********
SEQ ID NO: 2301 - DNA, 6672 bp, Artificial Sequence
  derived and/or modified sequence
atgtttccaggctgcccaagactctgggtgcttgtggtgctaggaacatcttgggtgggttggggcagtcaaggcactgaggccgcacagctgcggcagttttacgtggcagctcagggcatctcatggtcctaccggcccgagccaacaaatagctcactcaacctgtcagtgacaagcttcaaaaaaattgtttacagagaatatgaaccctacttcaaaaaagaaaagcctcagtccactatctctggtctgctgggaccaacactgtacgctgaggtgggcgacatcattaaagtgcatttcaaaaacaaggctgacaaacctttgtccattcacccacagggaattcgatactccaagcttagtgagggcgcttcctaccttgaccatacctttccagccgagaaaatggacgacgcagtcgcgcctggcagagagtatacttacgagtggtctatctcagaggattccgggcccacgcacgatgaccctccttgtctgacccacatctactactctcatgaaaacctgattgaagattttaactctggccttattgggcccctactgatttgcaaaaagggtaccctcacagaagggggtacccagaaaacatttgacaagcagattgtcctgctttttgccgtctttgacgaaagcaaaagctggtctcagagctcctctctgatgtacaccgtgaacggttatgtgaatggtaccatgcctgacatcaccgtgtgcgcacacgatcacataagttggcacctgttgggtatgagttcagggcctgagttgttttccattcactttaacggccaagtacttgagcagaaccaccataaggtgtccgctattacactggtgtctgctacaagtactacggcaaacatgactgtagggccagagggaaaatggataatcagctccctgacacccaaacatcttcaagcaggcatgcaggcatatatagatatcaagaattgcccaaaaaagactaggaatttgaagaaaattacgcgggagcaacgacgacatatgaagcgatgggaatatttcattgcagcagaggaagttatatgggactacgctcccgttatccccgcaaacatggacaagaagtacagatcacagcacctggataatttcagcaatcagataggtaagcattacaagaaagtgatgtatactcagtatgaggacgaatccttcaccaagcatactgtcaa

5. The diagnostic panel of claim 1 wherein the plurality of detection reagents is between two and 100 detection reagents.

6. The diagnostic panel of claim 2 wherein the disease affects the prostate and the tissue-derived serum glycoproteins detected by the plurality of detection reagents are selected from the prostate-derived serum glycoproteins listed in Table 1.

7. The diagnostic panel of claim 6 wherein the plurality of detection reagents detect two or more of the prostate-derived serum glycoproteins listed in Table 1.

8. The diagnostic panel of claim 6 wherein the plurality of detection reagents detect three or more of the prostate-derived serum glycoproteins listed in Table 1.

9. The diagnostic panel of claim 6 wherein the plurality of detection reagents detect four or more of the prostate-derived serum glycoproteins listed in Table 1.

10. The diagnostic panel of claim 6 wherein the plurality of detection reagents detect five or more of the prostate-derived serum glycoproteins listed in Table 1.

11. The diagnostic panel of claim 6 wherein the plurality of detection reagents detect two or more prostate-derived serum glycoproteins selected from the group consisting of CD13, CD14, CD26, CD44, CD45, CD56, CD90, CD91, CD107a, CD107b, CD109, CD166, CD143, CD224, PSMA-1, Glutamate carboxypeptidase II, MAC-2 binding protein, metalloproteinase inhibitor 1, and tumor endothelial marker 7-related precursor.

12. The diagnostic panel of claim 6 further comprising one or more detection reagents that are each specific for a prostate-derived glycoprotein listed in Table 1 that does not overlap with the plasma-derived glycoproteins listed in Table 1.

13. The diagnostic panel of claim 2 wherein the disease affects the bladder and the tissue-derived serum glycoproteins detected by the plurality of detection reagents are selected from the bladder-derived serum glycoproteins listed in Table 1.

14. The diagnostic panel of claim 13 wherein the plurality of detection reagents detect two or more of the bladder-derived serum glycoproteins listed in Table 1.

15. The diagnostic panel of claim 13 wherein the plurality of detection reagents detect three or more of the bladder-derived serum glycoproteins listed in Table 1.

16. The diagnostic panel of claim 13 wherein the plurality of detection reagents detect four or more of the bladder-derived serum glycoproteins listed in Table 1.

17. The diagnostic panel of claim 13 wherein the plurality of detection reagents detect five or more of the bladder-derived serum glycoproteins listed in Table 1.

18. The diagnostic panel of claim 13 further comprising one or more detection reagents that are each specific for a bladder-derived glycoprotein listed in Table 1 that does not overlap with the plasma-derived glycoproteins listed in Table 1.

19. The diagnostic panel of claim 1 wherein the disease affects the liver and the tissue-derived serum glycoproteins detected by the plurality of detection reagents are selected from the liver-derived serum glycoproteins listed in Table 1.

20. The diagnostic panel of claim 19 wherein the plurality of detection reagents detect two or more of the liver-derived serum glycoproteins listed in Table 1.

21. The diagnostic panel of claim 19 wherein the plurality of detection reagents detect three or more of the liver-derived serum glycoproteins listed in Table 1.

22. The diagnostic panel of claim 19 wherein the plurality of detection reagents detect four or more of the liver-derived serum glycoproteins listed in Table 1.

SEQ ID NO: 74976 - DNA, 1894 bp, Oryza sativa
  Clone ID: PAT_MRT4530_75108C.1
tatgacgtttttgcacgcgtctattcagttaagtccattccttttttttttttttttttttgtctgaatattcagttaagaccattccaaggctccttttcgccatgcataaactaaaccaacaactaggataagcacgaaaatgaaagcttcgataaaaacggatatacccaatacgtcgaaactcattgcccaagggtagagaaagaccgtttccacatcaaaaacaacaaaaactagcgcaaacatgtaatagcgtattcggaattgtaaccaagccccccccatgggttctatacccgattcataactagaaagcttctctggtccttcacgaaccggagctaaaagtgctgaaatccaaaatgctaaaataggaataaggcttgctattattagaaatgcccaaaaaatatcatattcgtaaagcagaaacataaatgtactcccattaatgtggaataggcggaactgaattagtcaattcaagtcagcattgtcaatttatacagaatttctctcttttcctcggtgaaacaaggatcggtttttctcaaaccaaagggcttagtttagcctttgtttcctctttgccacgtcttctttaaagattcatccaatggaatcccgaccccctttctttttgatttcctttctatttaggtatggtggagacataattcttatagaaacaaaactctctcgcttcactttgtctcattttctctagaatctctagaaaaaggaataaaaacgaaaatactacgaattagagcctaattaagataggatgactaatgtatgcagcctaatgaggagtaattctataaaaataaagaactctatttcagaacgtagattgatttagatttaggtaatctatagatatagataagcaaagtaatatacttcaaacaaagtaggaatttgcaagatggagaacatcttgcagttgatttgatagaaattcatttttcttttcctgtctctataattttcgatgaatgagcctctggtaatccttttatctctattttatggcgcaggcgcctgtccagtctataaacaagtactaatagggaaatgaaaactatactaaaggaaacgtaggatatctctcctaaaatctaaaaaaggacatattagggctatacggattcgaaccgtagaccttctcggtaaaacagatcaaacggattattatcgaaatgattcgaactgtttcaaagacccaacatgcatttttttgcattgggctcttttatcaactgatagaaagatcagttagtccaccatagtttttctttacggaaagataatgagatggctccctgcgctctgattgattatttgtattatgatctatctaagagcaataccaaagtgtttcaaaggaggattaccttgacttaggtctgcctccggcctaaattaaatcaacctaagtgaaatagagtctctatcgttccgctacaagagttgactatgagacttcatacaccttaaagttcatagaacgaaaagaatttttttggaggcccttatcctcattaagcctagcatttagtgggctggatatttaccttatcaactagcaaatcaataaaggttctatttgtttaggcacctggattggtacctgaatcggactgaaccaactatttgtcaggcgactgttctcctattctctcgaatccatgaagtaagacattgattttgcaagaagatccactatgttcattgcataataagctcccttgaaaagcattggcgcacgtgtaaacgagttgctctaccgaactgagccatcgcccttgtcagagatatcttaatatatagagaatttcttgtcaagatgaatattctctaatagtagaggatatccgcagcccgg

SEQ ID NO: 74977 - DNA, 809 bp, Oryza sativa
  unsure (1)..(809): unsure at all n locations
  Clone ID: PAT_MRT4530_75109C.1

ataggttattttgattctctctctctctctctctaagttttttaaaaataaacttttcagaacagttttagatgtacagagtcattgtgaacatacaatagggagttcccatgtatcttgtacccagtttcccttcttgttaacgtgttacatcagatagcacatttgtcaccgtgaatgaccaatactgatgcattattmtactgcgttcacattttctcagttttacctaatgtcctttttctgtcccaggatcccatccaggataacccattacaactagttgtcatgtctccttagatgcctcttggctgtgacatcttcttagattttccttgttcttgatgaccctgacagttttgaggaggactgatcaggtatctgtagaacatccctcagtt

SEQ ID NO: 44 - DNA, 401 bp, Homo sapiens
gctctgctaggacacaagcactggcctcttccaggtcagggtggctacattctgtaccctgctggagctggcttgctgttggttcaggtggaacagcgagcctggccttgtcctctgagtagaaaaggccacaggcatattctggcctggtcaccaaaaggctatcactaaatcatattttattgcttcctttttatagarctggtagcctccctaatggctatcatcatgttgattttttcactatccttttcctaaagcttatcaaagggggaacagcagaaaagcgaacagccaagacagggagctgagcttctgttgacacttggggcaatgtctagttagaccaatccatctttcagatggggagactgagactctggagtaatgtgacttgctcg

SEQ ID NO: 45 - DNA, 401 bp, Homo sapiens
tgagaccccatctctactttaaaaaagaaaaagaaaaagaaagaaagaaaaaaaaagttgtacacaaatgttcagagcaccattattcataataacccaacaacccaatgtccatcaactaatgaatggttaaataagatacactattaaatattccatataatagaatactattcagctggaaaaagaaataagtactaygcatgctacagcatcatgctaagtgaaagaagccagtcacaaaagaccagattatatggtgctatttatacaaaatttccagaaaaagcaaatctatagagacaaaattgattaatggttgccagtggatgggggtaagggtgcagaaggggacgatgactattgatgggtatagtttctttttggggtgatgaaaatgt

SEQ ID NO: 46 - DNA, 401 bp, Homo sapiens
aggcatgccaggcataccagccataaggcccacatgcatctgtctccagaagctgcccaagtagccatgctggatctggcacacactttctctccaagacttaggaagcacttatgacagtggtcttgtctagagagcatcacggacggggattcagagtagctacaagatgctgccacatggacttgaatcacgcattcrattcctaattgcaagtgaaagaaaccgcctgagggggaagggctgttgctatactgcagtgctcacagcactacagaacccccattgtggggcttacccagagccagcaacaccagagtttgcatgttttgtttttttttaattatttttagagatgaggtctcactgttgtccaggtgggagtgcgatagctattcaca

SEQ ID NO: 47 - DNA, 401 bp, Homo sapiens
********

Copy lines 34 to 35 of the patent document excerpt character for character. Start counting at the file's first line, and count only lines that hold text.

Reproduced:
aggcatgccaggcataccagccataaggcccacatgcatctgtctccagaagctgcccaagtagccatgctggatctggcacacactttctctccaagacttaggaagcacttatgacagtggtcttgtctagagagcatcacggacggggattcagagtagctacaagatgctgccacatggacttgaatcacgcattcrattcctaattgcaagtgaaagaaaccgcctgagggggaagggctgttgctatactgcagtgctcacagcactacagaacccccattgtggggcttacccagagccagcaacaccagagtttgcatgttttgtttttttttaattatttttagagatgaggtctcactgttgtccaggtgggagtgcgatagctattcaca

SEQ ID NO: 47 - DNA, 401 bp, Homo sapiens